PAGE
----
By: David Rice To: Larry Meyering Re: +quot;Uncomfortable+quot; [large cuts, by dr, occure
By: David Rice
To: Larry Meyering
[large cuts, by dr, occured here]
>JC> This suggests a few things from a metaphysical
Which is, of course, bullshit. Jim is arguing that anything
we do not currenty understand must be explained by magic. I
most emphatically disagree.
>JC> First, there was a point at which the universe as we
>JC> know it did have a beginning. That fact alone makes more
>JC> than a few scientists uncomfortable.
Which is, of course, bullshit. I know of only ONE scientist
that was made uncomfortable by the evidence for the Big Bang
theory: the Creationist Fredrick Hoyle, who only reciently
abandoned Steady State.
>JC> Second, we can show evidence of a time when the known
>JC> laws of science do not apply and in fact, do not even
That's "did not exist," not "do not exist." Jim is having
>JC> This shows that there are unknowns in science that we
>JC> cannot begin to understand..at least not yet.
"Therefore," Jim asserts, "the gods did it." Sheeeish.
>JC> Once we accept the fact that a time existed when all the
>JC> rules were off....then many things become possible.
I guess that means Santa Claus really does exist, and that
pigs can fly.
LM> I'm not aware of any scientists that are "uncomfortable"
LM> with the beginning of the universe - it has been implicit
LM> since Hobble found that the universe is expanding.
The myth that the Big Bang made "scientists 'uncomfortable'"
has its genesis by Robert Jastro. From "God and the
Astronomers" by Robert Jastrow, 1978.
"Some scientists are unhappy with the idea that the world
began in this way." pg 14
Which scientists? -WHY- are they unhappy? [Also the Big Bang
was a universe creation event, not the world. Earth came much
"Until recenty [1965 - 1970] many of my colleagues preferred
the Steady State theory, which holds that the Universe[sic]
had no beginning and is eternal." pg 14
Scientists "prefer" that which holds the best explanation for
the observed. Up to that time the Steady State was the best
explanation. As soon as evidence for Big Bang was collected,
scientists "preferred" the Big Bang. Jastrow has us believe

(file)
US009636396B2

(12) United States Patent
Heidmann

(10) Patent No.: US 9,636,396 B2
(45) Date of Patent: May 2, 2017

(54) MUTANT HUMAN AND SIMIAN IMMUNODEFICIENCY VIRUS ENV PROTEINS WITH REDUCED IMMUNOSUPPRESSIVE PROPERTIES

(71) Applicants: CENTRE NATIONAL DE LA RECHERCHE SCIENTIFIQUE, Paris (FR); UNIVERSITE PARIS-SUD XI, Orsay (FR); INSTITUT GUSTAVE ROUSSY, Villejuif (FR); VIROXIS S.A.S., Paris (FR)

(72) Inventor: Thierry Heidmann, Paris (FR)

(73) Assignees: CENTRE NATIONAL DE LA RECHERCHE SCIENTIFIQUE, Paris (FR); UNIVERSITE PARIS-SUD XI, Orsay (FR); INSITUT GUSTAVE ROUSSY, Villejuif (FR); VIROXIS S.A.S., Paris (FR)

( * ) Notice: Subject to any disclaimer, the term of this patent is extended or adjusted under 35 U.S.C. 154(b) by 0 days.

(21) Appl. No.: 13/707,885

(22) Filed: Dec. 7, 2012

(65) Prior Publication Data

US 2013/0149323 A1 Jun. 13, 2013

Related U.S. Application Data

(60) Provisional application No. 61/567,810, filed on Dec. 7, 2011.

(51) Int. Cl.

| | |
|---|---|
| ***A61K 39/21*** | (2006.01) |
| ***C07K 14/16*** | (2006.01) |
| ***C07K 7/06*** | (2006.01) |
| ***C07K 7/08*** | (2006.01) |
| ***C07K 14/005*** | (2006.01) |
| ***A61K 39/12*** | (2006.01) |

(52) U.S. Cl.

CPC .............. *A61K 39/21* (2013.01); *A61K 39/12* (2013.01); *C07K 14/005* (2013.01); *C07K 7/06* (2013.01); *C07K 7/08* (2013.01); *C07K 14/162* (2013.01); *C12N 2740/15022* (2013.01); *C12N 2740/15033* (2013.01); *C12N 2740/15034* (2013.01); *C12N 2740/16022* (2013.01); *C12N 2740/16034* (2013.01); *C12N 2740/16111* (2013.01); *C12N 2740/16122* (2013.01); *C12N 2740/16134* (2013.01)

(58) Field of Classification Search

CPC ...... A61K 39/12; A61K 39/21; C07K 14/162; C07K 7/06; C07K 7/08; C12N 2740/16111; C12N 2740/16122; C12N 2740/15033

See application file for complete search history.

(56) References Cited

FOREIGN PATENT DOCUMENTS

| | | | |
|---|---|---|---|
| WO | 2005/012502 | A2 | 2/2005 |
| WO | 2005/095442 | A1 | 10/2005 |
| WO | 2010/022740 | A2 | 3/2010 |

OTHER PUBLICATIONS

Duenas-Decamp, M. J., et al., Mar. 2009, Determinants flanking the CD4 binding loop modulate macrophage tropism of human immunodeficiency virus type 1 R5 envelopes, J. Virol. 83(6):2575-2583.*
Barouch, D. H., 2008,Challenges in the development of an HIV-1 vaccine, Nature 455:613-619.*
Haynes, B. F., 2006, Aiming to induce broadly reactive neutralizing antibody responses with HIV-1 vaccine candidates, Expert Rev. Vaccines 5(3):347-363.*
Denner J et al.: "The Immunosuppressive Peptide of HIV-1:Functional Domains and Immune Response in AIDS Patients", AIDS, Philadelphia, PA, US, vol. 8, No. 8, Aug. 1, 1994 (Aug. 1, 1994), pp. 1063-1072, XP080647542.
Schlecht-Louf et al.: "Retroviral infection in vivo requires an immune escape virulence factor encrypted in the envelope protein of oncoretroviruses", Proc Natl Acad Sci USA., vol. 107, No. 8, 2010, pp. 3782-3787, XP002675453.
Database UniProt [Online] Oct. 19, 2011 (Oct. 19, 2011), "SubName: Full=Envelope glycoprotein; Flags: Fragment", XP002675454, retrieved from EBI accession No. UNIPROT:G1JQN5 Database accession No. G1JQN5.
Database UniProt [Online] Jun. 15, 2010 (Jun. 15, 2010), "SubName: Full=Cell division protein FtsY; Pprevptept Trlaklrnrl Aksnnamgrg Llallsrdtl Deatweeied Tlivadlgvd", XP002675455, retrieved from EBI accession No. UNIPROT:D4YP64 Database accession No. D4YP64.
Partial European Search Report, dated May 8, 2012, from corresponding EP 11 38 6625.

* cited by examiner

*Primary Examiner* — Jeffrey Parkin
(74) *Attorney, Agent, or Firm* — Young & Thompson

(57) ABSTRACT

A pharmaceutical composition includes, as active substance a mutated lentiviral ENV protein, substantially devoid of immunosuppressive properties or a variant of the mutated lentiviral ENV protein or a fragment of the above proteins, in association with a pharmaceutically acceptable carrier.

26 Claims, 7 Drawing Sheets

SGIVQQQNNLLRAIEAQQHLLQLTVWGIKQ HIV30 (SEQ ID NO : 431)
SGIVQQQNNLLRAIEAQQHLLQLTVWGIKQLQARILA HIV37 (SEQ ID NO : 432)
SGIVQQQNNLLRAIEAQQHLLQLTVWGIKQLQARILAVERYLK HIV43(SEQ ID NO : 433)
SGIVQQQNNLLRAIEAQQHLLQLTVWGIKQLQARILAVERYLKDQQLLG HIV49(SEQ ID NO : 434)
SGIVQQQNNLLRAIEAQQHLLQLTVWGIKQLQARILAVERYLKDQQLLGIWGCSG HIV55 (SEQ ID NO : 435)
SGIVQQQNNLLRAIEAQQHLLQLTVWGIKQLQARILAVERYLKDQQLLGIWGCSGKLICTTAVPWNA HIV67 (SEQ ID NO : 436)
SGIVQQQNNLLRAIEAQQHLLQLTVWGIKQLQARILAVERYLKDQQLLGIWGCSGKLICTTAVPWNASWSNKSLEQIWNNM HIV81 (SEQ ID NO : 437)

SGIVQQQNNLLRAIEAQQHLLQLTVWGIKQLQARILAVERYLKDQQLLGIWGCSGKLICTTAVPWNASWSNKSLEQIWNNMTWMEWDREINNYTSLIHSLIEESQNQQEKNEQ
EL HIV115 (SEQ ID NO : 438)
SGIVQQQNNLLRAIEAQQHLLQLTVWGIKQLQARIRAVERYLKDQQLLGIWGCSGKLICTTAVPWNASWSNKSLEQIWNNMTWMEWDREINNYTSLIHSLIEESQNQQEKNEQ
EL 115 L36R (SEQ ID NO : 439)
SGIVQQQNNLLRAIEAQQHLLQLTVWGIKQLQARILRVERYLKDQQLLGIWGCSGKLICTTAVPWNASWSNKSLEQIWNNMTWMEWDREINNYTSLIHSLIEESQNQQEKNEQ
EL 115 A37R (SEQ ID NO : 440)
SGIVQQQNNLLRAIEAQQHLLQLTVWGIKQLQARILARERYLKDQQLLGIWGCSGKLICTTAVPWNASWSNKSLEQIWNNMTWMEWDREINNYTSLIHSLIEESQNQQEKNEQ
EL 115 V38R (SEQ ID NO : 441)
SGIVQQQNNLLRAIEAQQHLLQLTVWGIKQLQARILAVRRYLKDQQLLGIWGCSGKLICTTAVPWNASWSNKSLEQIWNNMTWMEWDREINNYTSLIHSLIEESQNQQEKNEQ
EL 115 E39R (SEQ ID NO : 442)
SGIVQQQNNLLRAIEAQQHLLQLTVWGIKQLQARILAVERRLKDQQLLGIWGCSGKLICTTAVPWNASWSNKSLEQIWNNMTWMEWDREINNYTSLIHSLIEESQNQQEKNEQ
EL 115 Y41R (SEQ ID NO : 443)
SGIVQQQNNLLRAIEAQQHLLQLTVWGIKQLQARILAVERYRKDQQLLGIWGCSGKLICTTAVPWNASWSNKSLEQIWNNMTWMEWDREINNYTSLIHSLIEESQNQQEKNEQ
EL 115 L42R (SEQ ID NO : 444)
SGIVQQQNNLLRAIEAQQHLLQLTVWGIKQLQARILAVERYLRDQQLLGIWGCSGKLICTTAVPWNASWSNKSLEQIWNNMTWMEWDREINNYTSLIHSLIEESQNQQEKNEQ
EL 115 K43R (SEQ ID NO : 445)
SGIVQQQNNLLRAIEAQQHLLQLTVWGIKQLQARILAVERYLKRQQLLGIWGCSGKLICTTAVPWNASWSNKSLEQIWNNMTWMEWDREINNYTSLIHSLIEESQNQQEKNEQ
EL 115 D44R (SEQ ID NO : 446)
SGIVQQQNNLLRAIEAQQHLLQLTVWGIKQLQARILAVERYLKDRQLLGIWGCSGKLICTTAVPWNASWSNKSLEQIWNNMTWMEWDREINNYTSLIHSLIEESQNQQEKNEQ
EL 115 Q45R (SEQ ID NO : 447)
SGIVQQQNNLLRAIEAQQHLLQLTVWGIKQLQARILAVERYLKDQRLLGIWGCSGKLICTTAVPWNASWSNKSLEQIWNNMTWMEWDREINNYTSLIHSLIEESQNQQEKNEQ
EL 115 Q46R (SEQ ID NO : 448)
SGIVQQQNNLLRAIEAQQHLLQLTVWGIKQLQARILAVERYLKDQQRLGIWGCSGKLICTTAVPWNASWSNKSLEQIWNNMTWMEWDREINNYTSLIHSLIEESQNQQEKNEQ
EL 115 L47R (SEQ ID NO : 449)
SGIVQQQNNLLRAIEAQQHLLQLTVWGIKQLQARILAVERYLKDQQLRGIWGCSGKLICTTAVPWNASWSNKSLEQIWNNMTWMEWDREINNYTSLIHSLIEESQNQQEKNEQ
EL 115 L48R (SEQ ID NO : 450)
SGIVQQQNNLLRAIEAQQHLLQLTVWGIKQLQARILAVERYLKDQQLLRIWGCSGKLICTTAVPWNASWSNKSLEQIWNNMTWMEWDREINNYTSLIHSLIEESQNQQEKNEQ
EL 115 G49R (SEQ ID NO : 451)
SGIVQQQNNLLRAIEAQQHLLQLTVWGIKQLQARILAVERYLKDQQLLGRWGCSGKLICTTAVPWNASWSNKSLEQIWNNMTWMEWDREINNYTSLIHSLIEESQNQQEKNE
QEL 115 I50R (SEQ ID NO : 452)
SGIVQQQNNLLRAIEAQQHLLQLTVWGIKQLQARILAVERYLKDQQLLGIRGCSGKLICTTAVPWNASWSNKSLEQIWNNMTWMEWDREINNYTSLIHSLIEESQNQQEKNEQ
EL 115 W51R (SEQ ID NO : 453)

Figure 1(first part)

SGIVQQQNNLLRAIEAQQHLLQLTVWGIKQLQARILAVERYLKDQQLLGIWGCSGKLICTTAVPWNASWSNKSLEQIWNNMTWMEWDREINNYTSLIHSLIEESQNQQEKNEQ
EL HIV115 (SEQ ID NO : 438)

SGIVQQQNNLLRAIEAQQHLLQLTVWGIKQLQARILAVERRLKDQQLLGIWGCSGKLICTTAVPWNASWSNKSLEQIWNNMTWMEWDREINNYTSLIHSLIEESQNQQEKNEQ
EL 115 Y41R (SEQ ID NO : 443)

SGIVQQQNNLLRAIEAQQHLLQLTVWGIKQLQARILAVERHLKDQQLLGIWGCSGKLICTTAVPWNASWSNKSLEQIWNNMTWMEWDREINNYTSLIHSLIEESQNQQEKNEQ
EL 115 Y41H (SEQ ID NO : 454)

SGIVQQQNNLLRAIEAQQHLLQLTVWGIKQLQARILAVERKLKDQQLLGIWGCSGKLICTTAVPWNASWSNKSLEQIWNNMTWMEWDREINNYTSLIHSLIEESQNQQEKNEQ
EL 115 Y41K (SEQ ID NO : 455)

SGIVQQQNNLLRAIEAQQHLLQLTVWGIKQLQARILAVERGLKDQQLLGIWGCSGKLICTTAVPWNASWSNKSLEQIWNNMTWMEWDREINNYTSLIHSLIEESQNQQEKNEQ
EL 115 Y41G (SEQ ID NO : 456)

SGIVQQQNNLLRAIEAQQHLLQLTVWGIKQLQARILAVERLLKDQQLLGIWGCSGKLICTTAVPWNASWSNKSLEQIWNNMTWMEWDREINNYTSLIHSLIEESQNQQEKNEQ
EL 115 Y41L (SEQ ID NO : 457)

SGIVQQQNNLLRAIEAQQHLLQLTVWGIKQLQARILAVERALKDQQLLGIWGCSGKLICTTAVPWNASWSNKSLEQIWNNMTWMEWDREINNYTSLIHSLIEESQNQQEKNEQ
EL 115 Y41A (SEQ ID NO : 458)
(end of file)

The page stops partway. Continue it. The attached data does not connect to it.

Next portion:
that this is a bad thing!
"But the latest evidence makes it almost certain that the Big
Bang really did occur many millions of years ago." pg 14
[Billions, not millions.] The MOST latest COBE evidence made
the Big Bang theory as close to certainty as any theory can be.
"Theologians generally are delighted with the proof that the
Universe[sic] had a beginning, but astronomers are curiously
upset." pg 16
First off, the Big Bang theory has NOT been proven. It will
-NEVER- be proven. It is impossible to prove a theory. The
Big Bang theory is so very likely probable that it reaches
certitude, but it is not proven to be valid.
Secondly, NO WHERE in Jastrow's book does he mention which
astronomers are "upset" about the Big Bang being valid, nor
does he mention -WHY- said mysterious astronomers are upset.
"Their reactions provide an interesting demonstration of the
response of the scientific mind--- supposedly a very objective
mind--- when evidence uncovered by science itself leads to a
conflict with the articles of faith[sic] in our profession." p16
Science has no article of faith, other than that the universe
does not set out to fool us. Jastrow doesn't mention any
examples, nor does he give us a clue as to what he is talking
The Steady State theory was the best one available at the
time. When better data was collected, science accepted it
almost 100%. Science waits on better data before accepting
-ANY- new theory. One would expect Jastrow to understand that
this is a Good Thing(tm), and the -BEST- method science can,
and did, adopt. If I say that Luna is made calcium carbide,
scientists are not going to rush to accept this new theory
until I provide evidence--- is Jastrow saying they should?
The rest of the book is very bad Creationism. It attempts to
show that some god (one in particular for some reason, though
there are tens of thousands to choose from) was responsible
for the universe being here. He resorts to "because I say
so," and that's the best he can do.
The book is simple, junior-highschool level reading, probably
with a target of simple-minded Creationists in mind when he
wrote it. It was not worth the quarter dollar I paid for it.
... "Comparing apples and vacuum again, are we, Bob??" -- Sean McCullough
E-Mail Fredric L. Rice / The Skeptic Tank